Given the season and ongoing LPs elsewhere, it's time to link to this post on my old Tumblr regarding the Silent Hill 3 Hard mode puzzles and how alleged staff miscommunications led to them being functionally broken. Not difficult; nonfunctional. Configurations for keypads were changed around between design and production without the writers being notified; crucial lines instructing players to reorder numbers for codes were omitted. The resultant mismatch between clues and answers for one bird-based puzzle in particular led to Silent Hill fans quizzically debating a number of ornithological quandaries, including...well, the famous query above.
You'd think this would be a big scandal (relatively speaking; within the video game horror fandom), but everyone turns a blind eye; it's one of those situations - like Ghaleon's motivations in TSS or the fact that Silent Hill 4 was, in fact, planned as part the series all along instead of being retrofitted as an SH game - where conventional wisdom just actively resists the correct information being injected into the mainstream. While she did a great job making Heather's dialogue sound memorably natural, I've always found the translator's attitude in the linked posts irresponsible; she's weirdly proud that the puzzles don't work, because that makes them harder! (Yeah, it wasn't strictly her job, but you do need to notify somebody when you see part of the game on which you're working break down like that.)
While I'm linking old Silent Hill 3 Tumblr stuff, I always found this animated poster just fucking awesome.
1. GOIZO: Goizo is Japan's sweetheart. Everyone loves Goizo - probably because its name is "Goizo." (To quote someone from one of the many World of Horror streams I've watched: "IT'S YOUR BOIZO GOIZO".) Also probably because Goizo is made of tentacles. Let's be practical here. (I should have not been surprised that Goizo comes from a video nasty titled Gazoo ("gah-zoh"), which I am told, but do not believe for a second, is just gory and not pornographic.)
In further awesomeness, Goizo is a "Mirror Horror," which means it lives behind the glass, a fertile breeding ground for horror. Its epithet (also taken from the video nasty) is the badass "Thing Forsaken by God." Its unique doom ending involves it emerging from the eyes of your character's love interest after they glimpse their reflection in their love's pupils. There's not a step wrong with Goizo. It's a better apocalypse than we deserve.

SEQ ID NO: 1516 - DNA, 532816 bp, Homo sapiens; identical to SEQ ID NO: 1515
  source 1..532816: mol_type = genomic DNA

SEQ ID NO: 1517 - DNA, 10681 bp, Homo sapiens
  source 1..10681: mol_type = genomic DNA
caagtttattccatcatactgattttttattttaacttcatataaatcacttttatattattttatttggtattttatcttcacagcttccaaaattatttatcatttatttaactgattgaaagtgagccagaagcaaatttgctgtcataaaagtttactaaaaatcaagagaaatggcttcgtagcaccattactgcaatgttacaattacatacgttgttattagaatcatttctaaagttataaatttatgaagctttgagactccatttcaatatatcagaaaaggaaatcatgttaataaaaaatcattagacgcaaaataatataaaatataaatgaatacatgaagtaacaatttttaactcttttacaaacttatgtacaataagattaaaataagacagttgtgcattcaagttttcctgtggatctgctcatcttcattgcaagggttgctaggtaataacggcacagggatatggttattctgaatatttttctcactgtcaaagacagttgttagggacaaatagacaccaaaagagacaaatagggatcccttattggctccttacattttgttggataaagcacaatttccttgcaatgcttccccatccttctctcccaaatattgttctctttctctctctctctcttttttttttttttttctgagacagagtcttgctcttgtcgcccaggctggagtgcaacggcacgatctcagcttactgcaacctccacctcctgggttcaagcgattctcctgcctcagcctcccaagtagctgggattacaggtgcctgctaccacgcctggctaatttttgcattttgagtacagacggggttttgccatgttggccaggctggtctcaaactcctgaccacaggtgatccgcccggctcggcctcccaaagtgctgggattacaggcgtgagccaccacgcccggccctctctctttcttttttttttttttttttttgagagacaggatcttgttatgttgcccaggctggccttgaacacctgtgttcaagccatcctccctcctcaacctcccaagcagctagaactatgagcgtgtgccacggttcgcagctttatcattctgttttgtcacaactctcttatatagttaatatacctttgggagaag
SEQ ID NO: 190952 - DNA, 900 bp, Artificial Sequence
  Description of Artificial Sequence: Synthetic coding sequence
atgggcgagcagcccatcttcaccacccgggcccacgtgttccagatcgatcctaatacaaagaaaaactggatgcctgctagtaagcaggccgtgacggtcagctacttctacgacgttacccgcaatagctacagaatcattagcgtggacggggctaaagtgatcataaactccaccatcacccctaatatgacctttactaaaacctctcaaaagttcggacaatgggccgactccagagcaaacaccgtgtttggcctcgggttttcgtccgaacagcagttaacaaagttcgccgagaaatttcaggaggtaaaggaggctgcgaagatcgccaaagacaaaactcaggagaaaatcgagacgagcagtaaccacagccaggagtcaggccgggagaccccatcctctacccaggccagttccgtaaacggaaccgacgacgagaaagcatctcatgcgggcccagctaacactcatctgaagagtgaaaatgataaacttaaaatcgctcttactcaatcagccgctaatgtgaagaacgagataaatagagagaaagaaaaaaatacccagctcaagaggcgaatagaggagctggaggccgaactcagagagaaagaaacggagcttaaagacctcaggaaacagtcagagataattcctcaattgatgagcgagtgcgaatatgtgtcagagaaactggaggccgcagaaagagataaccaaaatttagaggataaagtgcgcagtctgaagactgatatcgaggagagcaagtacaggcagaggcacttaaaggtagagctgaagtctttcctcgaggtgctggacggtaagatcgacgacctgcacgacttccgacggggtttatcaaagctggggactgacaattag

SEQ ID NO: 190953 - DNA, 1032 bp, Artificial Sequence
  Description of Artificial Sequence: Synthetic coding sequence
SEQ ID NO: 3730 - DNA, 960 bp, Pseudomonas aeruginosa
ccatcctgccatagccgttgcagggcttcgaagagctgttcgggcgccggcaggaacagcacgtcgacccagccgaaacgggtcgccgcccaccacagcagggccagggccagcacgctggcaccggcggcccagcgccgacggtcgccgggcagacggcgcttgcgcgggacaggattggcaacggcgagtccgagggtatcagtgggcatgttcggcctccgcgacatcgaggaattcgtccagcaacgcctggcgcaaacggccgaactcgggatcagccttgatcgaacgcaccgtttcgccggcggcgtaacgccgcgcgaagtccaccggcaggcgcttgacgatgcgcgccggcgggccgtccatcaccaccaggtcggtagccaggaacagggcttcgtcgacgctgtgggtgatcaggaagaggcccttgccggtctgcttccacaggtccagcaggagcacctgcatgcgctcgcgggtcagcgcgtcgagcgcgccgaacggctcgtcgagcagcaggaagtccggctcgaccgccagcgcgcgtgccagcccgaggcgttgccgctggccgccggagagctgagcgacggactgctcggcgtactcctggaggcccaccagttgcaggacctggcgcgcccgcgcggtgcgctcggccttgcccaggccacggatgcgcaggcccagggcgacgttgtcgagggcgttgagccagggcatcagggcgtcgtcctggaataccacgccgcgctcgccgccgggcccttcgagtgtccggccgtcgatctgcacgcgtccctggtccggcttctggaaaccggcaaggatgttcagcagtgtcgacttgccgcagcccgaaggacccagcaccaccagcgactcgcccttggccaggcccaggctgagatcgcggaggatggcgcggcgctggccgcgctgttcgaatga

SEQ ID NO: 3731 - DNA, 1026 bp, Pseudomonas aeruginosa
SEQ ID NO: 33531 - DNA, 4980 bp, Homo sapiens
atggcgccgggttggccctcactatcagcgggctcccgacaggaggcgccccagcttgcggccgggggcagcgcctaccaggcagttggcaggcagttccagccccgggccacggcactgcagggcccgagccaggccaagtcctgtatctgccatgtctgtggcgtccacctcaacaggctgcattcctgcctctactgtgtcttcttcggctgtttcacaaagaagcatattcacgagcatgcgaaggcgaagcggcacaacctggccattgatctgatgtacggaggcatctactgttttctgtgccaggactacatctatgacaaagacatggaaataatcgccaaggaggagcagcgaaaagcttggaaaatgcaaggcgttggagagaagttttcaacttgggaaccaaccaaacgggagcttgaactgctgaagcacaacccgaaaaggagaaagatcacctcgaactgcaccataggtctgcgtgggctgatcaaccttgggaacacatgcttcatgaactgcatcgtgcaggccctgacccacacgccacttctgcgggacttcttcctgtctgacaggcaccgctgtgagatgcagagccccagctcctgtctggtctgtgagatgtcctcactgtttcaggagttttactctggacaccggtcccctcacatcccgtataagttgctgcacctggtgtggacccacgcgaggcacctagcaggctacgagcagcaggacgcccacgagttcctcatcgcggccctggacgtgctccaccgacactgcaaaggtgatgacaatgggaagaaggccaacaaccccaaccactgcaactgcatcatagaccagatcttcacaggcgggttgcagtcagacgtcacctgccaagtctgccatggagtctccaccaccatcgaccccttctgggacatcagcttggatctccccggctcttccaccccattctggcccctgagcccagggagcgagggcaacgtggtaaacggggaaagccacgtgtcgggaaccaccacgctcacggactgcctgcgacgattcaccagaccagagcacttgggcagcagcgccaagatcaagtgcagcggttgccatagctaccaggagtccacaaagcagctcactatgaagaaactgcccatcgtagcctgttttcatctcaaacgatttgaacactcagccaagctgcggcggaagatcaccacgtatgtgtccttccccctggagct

2. ITHOTU: Ithotu could easily take top of the heap if Goizo weren't firmly positioned there. It's introduced as the culprit behind the burning of the Library of Alexandria, which is a hell of a rap sheet. (Granted, it's a limited one so far as eldritch apocalypses go, but it has a specificity and fallout that gives it an edge over wider but vaguer crimes.) A being of living fire called "the Devouring Flame," it houses itself within a jet-black marble statue of a Greek god - a good look. There's an elegance to its menace. Its followers have gotten Ithotu an unveiling at the local museum, and it unleashes Armageddon at its premiere (which, again: class); your character's cause of death is "perished in the hecatomb," which is a heck of a name for a metal band. Also, its followers' trademark spell, "Ithotu Flame," could, with enough effort (and before the dev caught on), fell the Something Truly Evil superboss, a feat that isn't normally possible. Ithotu's just going the extra mile all around. (Deduction for launching a fire-based apocalypse on an archipelago, though.)
3. ATH-YOLAZSTH: Coming to the "buy a vowel" constituency of the pantheon. You don't see it here, but A-Z is just a towering eyeball - to the point where it dwarfs Earth, as we see in its doom ending. This is a steal from a Junji Ito story about a malevolent living planet, but it gets a pass, because a) Ath-Yo is nothing but an eyeball, which is a stronger image, and b) the real interesting stuff starts after its bad ending, where it hangs around for about 10 years or so before initiating The End. For one, our sky is replaced with a giant eye staring at us, which, yes, I believe would be enough to drive most of us mad. Certainly more effective that the "impossible angles" and geometrical abnormalities Lovecraft invokes. Also, what happens to the tides? Is there an Armageddon-like initiative to land on Ath-Yolazsth and blow it up? How many Tumblr posts are written about how eternal surveillance by an extradimensional hellgod is Not Normal and if venturing outside under its unblinking gaze makes you feel anxious or compromised or drawn to the yawning abyss, you are valid?
Also, isn't the footnote in its intro about the stars disappearing from the sky kinda burying the lede?